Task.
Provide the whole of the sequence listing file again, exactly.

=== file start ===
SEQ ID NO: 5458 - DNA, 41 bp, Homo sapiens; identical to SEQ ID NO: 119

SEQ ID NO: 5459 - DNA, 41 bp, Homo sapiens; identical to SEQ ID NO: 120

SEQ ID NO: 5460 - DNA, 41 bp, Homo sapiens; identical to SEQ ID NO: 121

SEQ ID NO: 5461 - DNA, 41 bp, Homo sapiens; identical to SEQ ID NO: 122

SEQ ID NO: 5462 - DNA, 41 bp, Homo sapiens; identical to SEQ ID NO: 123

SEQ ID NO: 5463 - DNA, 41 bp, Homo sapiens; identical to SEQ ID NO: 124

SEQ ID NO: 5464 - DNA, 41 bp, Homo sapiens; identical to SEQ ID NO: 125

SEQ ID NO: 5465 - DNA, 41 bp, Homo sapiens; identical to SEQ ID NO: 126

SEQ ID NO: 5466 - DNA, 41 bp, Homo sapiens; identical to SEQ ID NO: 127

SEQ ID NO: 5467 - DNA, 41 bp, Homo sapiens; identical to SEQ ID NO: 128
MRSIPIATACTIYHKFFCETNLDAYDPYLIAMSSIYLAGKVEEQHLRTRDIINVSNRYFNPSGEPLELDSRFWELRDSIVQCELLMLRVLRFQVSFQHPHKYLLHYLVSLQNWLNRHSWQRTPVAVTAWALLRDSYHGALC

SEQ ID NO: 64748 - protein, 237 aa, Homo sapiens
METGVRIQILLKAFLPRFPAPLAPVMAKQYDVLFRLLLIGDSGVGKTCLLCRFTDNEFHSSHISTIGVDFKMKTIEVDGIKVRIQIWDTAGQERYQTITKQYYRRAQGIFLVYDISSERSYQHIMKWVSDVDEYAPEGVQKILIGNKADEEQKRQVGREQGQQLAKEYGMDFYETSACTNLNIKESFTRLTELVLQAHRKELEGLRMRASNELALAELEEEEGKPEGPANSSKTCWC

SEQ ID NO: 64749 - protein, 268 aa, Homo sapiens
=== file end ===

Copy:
SEQ ID NO: 5458 - DNA, 41 bp, Homo sapiens; identical to SEQ ID NO: 119

SEQ ID NO: 5459 - DNA, 41 bp, Homo sapiens; identical to SEQ ID NO: 120

SEQ ID NO: 5460 - DNA, 41 bp, Homo sapiens; identical to SEQ ID NO: 121

SEQ ID NO: 5461 - DNA, 41 bp, Homo sapiens; identical to SEQ ID NO: 122

SEQ ID NO: 5462 - DNA, 41 bp, Homo sapiens; identical to SEQ ID NO: 123

SEQ ID NO: 5463 - DNA, 41 bp, Homo sapiens; identical to SEQ ID NO: 124

SEQ ID NO: 5464 - DNA, 41 bp, Homo sapiens; identical to SEQ ID NO: 125

SEQ ID NO: 5465 - DNA, 41 bp, Homo sapiens; identical to SEQ ID NO: 126

SEQ ID NO: 5466 - DNA, 41 bp, Homo sapiens; identical to SEQ ID NO: 127

SEQ ID NO: 5467 - DNA, 41 bp, Homo sapiens; identical to SEQ ID NO: 128
MRSIPIATACTIYHKFFCETNLDAYDPYLIAMSSIYLAGKVEEQHLRTRDIINVSNRYFNPSGEPLELDSRFWELRDSIVQCELLMLRVLRFQVSFQHPHKYLLHYLVSLQNWLNRHSWQRTPVAVTAWALLRDSYHGALC

SEQ ID NO: 64748 - protein, 237 aa, Homo sapiens
METGVRIQILLKAFLPRFPAPLAPVMAKQYDVLFRLLLIGDSGVGKTCLLCRFTDNEFHSSHISTIGVDFKMKTIEVDGIKVRIQIWDTAGQERYQTITKQYYRRAQGIFLVYDISSERSYQHIMKWVSDVDEYAPEGVQKILIGNKADEEQKRQVGREQGQQLAKEYGMDFYETSACTNLNIKESFTRLTELVLQAHRKELEGLRMRASNELALAELEEEEGKPEGPANSSKTCWC

SEQ ID NO: 64749 - protein, 268 aa, Homo sapiens